Examination questions hard


Syllabus too wide


Percentages total more than 100 because individual

students offered more than one reason. Data are given as a
percentage of those thinking that physics is difficult


International Journal for Cross-Disciplinary Subjects in Education (IJCDSE), Special Issue Volume 3 Issue 3, 2013

Table 2. Teachers views on why students find physics


Answering questions in
Tests and examinations

Category of reason

% responses

Interpreting/answering questions


Mathematical skill for solving



Exposure to practical work


Seriousness/concentration in class


Reading habit


Use of textbook




Learning environment




Parental support


Find difficult

Doing practicals
Doing Calculations

Do not enjoy

Asking teacher for help

Figure 1. Pooled frequency (%) of difficult physics

topics indicated by teachers and students

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Find easy

Reading physics texbooks

Asking questions in class

Like to do

Solving problems with

Solving problems alone





Figure 2. Pooled frequency (%) of students views of

learning tasks in physics

4. Discussion
The findings indicate that many students would
continue studying physics primarily because they
find it useful for their future programmes, although
only a few consider it a future major subject of study.
This is an eye opener to a serious problem that
requires urgent attention as students merely consider
physics a service subject. It is important therefore,
to find out what makes physics a less worthwhile
subject to study, and the point during schooling that
students develop such impression. Low interest to
continue to study physics is of concern because it has
adverse effect on the contribution of the future
generation to shaping the development of the nation.
Of note is the finding that students consider physics
interesting, though difficult. This outcome is
consistent with results of other studies [2, 3]. For
instance, the students indicated difficulty in solving
problems, doing calculations and constructing
meanings of taught concepts. The implication of not
having conceptual understanding results in
regurgitation, superficial learning and intuitive
application of principles. Educators agree that
students learn best what interests them, and
meaningful content is better learned and retained than
less meaningful content [15,16]. Therefore, for
enhanced interest and learning in physics, students
should be supported with instructional strategies that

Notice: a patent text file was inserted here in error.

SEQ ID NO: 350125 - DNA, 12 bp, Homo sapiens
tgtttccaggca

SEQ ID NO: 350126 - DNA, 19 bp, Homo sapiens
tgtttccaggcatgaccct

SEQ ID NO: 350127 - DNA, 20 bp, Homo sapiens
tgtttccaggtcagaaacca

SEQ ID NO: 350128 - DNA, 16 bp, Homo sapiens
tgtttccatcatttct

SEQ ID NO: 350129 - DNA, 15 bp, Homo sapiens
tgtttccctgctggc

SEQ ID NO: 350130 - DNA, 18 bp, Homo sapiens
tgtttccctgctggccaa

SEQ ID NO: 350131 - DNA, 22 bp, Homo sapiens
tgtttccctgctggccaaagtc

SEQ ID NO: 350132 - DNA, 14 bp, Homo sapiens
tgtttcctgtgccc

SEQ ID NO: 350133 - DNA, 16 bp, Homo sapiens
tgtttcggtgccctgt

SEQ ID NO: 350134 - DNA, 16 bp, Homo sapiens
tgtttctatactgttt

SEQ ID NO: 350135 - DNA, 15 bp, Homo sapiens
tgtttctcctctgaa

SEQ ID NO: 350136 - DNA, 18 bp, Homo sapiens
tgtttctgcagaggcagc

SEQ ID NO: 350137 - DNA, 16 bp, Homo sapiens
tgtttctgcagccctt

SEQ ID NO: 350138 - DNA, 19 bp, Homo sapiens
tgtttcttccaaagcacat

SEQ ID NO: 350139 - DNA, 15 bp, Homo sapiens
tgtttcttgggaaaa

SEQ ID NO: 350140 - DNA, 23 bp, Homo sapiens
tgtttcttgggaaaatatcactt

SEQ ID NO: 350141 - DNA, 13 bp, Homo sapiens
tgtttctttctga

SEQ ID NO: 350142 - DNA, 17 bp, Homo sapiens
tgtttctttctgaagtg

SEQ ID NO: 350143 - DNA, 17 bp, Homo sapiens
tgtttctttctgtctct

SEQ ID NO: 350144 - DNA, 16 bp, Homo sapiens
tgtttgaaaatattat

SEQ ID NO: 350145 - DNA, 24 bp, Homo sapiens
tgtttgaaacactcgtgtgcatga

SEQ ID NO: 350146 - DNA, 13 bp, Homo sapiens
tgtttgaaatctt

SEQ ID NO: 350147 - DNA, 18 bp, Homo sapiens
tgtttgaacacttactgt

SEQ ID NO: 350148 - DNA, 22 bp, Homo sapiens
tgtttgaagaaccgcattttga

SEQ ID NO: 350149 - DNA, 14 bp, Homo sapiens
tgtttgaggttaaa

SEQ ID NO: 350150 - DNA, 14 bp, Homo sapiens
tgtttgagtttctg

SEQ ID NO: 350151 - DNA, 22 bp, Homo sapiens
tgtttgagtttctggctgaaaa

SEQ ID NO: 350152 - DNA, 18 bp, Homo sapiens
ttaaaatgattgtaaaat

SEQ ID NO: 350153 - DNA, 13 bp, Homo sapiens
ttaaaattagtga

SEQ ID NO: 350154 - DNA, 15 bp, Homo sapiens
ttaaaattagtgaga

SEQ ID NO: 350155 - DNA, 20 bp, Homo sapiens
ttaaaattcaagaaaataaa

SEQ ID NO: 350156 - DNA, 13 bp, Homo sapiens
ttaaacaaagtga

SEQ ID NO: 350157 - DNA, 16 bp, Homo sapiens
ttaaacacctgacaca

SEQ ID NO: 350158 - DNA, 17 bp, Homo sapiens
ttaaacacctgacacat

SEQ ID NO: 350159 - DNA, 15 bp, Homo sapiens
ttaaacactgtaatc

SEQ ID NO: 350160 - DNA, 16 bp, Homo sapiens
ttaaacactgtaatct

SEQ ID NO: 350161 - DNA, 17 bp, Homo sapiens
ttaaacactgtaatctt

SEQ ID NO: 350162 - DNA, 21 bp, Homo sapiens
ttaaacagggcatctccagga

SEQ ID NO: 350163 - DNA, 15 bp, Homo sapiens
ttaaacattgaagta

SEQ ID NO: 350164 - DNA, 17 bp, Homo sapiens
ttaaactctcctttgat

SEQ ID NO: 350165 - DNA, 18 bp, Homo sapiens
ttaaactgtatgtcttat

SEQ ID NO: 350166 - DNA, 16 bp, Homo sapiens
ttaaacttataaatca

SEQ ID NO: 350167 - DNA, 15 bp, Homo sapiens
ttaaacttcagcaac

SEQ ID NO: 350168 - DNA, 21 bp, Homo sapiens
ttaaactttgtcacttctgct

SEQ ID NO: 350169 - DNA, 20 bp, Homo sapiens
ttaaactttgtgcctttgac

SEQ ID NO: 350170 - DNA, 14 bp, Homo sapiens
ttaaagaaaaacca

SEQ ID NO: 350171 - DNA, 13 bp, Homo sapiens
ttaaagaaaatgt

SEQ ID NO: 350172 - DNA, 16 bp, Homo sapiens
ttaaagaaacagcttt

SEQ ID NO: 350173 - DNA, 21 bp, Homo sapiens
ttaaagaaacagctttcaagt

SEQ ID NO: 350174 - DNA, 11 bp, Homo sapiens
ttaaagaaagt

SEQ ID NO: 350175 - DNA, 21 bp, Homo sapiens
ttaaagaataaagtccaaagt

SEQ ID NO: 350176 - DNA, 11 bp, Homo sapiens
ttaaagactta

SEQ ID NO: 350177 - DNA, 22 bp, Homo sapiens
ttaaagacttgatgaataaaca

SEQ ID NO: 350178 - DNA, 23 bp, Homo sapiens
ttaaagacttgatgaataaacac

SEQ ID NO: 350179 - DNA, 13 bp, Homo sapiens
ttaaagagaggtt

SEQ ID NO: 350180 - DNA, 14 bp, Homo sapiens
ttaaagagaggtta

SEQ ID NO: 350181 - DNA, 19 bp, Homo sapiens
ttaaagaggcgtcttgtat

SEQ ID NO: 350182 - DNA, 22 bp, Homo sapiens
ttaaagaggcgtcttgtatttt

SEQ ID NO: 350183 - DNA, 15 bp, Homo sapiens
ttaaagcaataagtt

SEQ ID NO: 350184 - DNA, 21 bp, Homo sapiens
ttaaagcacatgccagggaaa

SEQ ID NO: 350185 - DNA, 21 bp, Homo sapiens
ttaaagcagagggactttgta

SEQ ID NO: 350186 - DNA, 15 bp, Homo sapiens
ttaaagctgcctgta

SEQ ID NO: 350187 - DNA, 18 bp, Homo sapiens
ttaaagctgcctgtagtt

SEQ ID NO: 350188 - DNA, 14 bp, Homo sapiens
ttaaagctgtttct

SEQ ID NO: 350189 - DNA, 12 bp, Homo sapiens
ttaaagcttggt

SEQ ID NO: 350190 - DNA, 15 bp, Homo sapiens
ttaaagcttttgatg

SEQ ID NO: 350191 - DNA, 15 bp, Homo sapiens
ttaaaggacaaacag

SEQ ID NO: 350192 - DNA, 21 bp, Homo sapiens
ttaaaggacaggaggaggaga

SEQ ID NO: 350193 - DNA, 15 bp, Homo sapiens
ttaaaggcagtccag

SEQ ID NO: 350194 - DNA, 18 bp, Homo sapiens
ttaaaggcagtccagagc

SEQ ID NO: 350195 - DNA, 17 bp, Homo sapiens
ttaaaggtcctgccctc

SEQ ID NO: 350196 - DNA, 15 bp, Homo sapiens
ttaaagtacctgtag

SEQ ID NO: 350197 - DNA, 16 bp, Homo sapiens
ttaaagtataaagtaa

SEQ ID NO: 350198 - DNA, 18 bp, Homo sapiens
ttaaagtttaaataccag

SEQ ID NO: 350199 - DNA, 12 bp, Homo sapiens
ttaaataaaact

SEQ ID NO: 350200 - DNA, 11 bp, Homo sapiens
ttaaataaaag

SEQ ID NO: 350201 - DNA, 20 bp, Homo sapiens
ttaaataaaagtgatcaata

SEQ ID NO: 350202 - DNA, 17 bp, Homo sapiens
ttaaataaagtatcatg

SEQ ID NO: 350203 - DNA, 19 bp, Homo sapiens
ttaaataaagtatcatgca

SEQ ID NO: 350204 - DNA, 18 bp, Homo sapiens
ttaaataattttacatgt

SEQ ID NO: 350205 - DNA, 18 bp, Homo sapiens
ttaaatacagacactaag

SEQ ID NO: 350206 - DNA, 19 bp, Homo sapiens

foster assimilation of learning materials rather than
memorization. By providing concrete experiences in
physics lessons, students would associate meanings
to learning material and thereby achieve better
understanding and retention of information. Even the


International Journal for Cross-Disciplinary Subjects in Education (IJCDSE), Special Issue Volume 3 Issue 3, 2013

supposedly abstract concepts would be better

understood after a foundation of concrete and
relevant information has been established.
Furthermore, studies have shown that students learn
physics better when qualitative understanding of
underlying principles is established before
introducing quantitative aspects as this takes them
beyond routine application of formulae and
Whereas the students tend to associate their
difficulty with the difficult nature of physics
problems, many of the teachers consider that
inadequate mathematics competency of students is a
major hindrance to their competency in physics. The
literature also underlined the importance of
competency in mathematics for physics [7, 8,9]. A
previous study in Nigeria had also found that many
students perform algorithmic or mathematical
manipulation by rote memorization of formulae,
without having a basic understanding of specific
concepts and are therefore unable to construct
meanings from the problem statement [12].
Therefore, instructional process in physics should
include appropriate remedial activities that help
students fill in the gaps in their problem-solving and
mathematical skills. Students are found to enjoy
physics if they know how to plan and implement the
strategies of solution to questions.
One significant revelation from this study that